Establishing Digital Trust: Don't Sacrifice Security for Convenience
Virginia Tech recently announced that a server in its human resources department was hacked on August 28, 2013, exposing the personal information of 144,963 people who had applied for jobs at the university between 2003 and 2013 (h/t Softpedia).
Without elaborating, university spokesman Larry Hincker told the Roanoke Times that the breach did not result from a security failure on the university's part. "We have protections and protocols in place. ... They were not followed," he said. "It was human error."
While only information from job applications was exposed (no credit card information or Social Security numbers), the university notes that the online application asks applicants to "indicate your professional licenses, certificates, or other authorizations to practice a trade or profession."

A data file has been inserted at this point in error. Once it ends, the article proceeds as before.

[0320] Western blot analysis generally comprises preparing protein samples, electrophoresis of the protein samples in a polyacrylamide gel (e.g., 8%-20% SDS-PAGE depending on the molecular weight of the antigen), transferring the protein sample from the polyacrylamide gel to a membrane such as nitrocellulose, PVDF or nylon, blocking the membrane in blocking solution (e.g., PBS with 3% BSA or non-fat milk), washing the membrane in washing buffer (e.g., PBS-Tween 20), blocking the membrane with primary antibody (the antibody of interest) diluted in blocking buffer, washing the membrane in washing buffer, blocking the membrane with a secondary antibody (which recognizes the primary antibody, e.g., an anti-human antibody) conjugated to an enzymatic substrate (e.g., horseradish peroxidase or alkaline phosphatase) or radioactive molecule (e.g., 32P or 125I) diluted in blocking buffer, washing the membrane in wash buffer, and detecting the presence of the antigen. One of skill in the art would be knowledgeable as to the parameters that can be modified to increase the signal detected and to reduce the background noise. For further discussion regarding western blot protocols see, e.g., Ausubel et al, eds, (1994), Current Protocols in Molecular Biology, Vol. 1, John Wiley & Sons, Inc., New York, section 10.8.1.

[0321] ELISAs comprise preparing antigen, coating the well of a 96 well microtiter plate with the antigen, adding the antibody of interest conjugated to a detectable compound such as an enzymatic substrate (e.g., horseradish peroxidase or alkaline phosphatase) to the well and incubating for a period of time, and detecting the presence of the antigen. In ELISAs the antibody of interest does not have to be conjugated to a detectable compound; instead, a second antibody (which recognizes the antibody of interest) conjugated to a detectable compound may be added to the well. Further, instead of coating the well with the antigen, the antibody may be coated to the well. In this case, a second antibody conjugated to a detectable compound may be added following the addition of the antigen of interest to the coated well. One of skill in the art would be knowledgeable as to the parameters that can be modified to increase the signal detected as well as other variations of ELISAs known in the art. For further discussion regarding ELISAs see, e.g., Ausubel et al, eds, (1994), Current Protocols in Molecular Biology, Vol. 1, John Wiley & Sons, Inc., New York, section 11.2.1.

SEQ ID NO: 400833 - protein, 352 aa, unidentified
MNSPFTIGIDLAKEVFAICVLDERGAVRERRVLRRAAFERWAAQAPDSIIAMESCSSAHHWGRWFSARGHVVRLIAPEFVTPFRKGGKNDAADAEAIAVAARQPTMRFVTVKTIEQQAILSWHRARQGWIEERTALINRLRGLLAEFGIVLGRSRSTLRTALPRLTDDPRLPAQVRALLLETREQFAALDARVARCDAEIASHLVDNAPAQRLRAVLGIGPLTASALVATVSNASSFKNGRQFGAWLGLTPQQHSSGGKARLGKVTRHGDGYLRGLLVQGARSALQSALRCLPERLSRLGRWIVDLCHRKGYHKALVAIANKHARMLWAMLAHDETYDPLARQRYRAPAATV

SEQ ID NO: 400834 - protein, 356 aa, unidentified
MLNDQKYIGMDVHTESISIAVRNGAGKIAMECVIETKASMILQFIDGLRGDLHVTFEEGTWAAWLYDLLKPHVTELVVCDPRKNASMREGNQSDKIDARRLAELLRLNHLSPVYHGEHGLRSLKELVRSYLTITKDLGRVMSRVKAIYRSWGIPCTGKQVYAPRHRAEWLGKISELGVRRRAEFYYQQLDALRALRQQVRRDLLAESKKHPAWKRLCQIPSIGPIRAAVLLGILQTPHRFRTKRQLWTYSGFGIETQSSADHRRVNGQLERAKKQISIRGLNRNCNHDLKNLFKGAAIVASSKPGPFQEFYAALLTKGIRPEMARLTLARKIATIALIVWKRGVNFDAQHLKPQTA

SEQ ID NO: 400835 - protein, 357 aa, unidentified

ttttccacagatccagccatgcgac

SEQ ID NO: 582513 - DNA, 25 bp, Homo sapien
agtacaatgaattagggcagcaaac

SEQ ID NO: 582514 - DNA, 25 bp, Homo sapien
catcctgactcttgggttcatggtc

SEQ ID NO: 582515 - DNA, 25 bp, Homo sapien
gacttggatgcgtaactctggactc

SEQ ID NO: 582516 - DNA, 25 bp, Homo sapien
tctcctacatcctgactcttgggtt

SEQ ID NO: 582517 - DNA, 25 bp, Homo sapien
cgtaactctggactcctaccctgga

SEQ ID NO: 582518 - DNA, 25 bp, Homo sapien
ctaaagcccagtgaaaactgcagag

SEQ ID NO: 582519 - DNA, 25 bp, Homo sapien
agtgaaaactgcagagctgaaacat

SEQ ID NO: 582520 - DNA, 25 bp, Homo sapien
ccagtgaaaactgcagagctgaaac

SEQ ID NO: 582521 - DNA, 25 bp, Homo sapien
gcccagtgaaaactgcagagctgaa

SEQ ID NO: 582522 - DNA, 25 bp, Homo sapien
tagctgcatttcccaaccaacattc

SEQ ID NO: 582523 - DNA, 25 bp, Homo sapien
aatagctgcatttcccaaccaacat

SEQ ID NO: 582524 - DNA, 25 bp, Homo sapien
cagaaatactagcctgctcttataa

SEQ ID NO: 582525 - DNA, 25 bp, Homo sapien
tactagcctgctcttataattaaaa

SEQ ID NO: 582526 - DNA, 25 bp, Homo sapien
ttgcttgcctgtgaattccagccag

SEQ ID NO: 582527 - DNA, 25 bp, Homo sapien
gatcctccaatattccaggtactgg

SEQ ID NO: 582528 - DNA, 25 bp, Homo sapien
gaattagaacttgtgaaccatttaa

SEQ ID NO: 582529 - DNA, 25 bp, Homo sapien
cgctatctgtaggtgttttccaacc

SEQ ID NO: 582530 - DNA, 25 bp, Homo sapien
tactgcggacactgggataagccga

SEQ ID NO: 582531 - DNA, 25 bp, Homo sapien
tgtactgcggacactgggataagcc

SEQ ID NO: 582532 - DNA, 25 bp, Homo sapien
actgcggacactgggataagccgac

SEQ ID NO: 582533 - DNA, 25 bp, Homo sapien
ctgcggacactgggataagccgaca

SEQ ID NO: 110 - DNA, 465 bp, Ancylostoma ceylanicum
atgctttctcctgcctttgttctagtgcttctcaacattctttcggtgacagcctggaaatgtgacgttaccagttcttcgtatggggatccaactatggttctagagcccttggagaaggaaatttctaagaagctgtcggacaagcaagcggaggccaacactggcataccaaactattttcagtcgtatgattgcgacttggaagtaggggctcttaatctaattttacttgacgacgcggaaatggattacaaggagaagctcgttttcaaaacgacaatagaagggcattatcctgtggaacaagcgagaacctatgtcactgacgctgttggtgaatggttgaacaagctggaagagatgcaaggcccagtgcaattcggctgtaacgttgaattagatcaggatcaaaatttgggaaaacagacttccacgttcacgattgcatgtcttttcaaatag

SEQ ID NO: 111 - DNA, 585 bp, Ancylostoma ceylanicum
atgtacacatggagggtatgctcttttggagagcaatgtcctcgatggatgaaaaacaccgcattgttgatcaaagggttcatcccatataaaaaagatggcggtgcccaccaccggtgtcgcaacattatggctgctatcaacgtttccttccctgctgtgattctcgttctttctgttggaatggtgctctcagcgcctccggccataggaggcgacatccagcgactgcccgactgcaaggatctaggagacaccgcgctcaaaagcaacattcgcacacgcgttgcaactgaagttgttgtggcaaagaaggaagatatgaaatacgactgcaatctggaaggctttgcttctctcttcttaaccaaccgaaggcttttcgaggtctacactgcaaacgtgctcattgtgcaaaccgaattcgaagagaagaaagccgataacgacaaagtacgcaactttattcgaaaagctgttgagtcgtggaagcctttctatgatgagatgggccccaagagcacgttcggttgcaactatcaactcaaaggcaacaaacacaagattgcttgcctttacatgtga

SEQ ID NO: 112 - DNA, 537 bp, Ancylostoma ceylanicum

In response to that question, 16,642 unfortunate applicants had provided their driver's license numbers. All of those individuals have been contacted to inform them of the breach.https://o1.qnsr.com/log/p.gif?;n=203;c=204650394;s=9477;x=7936;f=201801171506010;u=j;z=TIMESTAMP;a=20392931;e=i
The other 128,321 had only provided basic employment application information (name, address, employment history, education history, prior convictions).
"Virginia Tech deeply regrets that this occurred and is taking appropriate steps to address and correct the situation to prevent it from happening again," Hal Irvin, associate vice president for human resources, said in a statement.